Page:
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The Interesting Life of Stephen Hawking

Apr 10, 2018 12:00 AM

There are countless resources, both online, as well as in print about famous scientists and their accomplishments in the scientific realm. Some grew up in prestigious families, while others had financial troubles and worked at a young age to help support their family. Unfortunately, biographies do not highlight scientists’ childhood, although knowing more about them would make for an interesting and enlightening read.

Stephen Hawking is a well-known physicist who recently lost his battle with Lou Gehrig’s Disease last month. He was born in Oxford, England in 1942 to a poor, but educated couple named Frank and Isobel Hawking. The couple went on to have two more children and adopted a second son. Frank researched medicine and spent many months away from his family to study tropical diseases in Africa. Stephen was a brilliant child but did not apply himself in his studies. Instead, he enjoyed creating his own board games and even developed a computer, along with some friends, that solved basic math equations.

Stephen’s father wanted him to become a physician, but this was not what captivated Hawking’s attention. His mother, Isobel, realized that her first-born had a love of science, especially the constellations and space. One of Stephen’s favorite things to do with his mother and siblings was to lay in the backyard and gaze at the twinkling stars.

Hawking’s graduated from Oxford University and received his doctorate in cosmology from Cambridge University. It was during this that he experienced deteriorated health. After a battery of tests, doctors diagnosed him with ALS or Lou Gehrig’s Disease and told him that he had about two years to live. When he first heard this grim news, it motivated Mr. Hawkings to pursue his scientific interests and research. According to the website http://www-history.mcs.st-and.ac.uk/Biographies/Hawking.html, one of the most significant contributions Mr. Hawkings made to science was the discovery

“using the quantum theory and general relativity he was able to show that black holes can emit radiation… In 1971 Hawking investigated the creation of the Universe and predicted that, following the big bang, many objects…would be created. These mini black holes have a large gravitational attraction governed by general relativity…”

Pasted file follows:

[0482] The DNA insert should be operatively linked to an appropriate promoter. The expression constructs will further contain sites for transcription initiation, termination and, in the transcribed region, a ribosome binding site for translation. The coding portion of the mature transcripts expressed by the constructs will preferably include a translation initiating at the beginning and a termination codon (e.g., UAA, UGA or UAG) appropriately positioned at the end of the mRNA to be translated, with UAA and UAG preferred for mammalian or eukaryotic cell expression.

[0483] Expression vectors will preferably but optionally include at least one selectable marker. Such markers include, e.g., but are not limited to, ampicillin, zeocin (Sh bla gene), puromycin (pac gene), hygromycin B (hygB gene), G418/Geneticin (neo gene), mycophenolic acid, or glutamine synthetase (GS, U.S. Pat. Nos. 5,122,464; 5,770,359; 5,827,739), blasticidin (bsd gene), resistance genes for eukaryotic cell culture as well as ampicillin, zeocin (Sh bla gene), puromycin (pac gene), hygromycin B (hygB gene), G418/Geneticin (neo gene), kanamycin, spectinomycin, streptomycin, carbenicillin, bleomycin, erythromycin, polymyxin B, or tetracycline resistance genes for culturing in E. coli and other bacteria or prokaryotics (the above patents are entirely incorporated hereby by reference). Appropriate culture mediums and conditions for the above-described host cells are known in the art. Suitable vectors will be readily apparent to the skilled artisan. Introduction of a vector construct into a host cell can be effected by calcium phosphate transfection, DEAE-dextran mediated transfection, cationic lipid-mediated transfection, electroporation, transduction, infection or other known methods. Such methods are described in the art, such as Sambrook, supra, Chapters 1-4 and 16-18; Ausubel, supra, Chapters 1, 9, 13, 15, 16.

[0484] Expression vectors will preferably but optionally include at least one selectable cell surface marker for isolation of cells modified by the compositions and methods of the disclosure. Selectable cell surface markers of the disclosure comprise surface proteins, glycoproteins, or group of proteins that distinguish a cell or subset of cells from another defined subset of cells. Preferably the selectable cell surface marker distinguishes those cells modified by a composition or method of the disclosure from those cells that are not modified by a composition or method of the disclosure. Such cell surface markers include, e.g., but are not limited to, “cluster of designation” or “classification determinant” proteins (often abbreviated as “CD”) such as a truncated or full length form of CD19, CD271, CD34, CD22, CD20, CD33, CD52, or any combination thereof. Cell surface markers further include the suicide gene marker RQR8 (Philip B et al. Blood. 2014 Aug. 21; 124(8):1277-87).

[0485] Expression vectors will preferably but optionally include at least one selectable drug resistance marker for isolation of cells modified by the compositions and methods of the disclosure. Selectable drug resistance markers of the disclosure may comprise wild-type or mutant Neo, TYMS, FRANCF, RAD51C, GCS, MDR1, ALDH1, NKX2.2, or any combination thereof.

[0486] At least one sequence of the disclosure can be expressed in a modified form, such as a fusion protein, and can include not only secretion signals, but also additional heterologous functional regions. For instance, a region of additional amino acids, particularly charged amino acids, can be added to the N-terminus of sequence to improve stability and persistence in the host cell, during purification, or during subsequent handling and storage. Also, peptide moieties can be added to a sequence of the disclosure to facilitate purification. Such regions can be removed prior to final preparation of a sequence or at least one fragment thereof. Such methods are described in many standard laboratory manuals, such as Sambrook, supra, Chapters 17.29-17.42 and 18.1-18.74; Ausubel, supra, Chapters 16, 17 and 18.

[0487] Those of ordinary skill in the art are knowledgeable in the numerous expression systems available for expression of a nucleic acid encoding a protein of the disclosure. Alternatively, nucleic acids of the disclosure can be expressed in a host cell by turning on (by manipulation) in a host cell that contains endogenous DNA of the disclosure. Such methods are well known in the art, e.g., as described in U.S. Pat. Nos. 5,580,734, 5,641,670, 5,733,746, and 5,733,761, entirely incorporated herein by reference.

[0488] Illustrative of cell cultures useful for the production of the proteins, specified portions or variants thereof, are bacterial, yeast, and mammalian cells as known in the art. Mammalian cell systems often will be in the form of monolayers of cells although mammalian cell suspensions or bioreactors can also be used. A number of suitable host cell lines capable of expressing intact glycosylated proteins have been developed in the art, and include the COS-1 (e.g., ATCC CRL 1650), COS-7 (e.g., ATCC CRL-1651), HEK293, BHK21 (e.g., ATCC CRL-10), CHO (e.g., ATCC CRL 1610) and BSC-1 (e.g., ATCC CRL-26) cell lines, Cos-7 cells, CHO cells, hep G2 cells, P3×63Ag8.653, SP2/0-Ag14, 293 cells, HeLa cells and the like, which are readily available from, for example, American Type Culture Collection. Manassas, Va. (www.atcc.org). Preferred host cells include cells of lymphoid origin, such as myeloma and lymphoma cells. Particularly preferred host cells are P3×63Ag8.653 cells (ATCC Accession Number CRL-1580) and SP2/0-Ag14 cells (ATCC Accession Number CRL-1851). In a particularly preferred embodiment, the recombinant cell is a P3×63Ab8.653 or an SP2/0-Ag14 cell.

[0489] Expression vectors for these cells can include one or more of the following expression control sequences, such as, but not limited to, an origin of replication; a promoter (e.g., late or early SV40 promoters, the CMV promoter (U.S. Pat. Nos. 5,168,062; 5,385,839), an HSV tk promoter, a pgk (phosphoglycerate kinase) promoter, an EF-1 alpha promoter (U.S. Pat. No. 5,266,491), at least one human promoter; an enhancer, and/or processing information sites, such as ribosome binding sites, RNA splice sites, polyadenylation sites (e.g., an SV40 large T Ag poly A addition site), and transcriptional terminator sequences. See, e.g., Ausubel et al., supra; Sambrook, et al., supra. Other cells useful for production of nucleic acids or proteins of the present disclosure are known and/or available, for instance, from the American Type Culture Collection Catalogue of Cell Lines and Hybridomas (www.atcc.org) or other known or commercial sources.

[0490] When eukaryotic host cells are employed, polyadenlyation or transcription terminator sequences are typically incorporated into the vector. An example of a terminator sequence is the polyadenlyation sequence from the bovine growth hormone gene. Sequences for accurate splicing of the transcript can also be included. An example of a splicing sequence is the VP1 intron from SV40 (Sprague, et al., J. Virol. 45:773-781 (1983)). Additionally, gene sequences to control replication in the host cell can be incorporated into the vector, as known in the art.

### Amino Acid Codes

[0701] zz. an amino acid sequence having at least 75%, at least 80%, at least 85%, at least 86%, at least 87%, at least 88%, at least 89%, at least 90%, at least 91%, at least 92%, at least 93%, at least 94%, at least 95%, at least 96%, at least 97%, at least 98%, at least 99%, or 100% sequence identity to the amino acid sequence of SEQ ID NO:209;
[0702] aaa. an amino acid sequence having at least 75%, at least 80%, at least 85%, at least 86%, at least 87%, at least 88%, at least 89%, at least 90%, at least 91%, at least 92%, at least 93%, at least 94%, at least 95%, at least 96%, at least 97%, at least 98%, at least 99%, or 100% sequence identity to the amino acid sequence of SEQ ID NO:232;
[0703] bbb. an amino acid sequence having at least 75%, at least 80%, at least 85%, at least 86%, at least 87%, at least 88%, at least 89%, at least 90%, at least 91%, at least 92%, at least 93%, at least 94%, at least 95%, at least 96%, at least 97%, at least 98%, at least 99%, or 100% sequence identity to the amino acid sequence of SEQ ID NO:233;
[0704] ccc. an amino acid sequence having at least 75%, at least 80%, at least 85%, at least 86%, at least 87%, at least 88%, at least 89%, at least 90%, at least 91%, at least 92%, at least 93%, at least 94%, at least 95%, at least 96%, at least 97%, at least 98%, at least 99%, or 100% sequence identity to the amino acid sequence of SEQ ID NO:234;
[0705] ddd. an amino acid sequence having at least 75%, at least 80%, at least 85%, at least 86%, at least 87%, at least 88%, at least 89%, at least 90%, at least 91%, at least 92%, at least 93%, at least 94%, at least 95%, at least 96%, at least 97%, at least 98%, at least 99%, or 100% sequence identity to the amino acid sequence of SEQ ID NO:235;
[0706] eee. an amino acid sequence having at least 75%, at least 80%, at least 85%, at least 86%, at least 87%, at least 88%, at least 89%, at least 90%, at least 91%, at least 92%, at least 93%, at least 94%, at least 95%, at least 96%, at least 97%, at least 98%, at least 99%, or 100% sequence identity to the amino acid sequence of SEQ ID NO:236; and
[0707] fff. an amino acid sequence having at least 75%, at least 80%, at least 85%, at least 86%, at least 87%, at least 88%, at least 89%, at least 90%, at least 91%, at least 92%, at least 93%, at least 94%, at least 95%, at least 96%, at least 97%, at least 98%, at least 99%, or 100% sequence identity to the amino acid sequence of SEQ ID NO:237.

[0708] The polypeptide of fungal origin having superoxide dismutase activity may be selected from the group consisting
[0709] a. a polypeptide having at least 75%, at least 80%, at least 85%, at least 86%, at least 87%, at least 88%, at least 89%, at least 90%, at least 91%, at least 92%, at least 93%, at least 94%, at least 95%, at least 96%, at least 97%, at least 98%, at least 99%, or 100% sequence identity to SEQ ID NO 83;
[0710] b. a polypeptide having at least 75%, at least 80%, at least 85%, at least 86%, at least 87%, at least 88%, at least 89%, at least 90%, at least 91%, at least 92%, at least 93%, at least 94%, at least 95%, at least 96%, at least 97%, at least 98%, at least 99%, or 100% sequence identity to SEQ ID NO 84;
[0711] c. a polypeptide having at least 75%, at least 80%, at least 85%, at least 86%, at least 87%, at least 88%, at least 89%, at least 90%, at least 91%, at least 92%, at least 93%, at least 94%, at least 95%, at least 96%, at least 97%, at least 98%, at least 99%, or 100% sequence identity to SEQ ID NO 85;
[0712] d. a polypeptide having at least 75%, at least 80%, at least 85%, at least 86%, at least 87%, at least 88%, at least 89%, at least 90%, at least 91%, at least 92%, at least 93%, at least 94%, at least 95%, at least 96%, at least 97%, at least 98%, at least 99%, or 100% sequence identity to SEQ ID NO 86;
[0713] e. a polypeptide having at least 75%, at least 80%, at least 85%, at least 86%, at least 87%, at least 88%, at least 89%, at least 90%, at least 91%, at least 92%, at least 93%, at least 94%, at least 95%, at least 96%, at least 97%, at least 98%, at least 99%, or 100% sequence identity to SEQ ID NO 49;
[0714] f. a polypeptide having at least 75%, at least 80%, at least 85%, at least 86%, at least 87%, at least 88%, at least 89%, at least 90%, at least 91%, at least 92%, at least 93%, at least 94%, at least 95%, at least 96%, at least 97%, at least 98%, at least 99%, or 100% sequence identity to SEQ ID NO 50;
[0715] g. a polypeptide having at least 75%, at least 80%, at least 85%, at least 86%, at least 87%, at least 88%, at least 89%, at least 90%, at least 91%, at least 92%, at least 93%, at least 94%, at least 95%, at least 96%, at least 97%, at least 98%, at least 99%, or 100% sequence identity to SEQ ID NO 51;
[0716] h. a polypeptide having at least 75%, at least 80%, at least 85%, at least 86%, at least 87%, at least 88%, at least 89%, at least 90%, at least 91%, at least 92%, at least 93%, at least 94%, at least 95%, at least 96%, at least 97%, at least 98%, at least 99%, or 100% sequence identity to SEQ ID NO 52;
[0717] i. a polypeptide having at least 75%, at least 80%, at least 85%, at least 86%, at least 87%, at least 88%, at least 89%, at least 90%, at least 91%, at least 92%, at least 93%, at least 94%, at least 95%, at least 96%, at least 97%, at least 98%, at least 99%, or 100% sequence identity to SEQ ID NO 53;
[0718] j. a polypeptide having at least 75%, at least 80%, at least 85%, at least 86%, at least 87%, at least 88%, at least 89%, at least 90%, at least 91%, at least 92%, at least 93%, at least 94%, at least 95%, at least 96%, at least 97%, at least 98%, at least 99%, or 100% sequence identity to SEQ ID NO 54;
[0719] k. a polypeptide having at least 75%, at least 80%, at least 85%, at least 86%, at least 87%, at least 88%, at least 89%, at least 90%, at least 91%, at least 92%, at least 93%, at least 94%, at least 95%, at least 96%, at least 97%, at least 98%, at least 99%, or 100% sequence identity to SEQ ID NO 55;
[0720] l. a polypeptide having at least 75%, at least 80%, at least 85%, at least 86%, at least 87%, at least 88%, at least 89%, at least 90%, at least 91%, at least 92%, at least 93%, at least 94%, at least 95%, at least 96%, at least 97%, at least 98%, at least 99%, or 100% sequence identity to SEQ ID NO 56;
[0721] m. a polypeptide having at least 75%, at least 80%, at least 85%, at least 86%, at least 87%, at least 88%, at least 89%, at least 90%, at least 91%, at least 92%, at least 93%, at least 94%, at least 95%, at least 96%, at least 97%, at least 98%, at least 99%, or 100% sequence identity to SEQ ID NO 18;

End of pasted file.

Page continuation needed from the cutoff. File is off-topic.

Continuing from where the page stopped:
Essentially, he “demonstrated that matter, in the form of radiation, can escape the gravitational force of a collapsed star” (https://www.biography.com/people/stephen-hawking-9331710).

Stephen’s muscles shut down, and he used a wheelchair. Eventually, he used a unique computer that connected a sensor to his cheek so that he can write his books and continue his research. Stephen Hawkings wrote four books. His most famous book was A Brief History in Time, and in 1988 it was on the best-seller list for 237 weeks! He also received many prestigious awards and honors during his lifetime.

Just as Stephen’s mother noticed that her son was interested in space and the galaxies, do you see an interests in your children? Do they ask you questions about the brilliant night sky or why stars look like they are “twinkling”?

This is an opportunity that you should not pass up. Children ask questions because they’re curious and want to know more about something. Take time to investigate with them and help them find answers to their questions. Take advantage of the many online resources that will help your kids learn more about constellations and galaxies. You never know how your involvement in your children’s education and interests will pay off in the long run. The more kids are inquisitive, their hunger for learning grows too. Knowledge is power.


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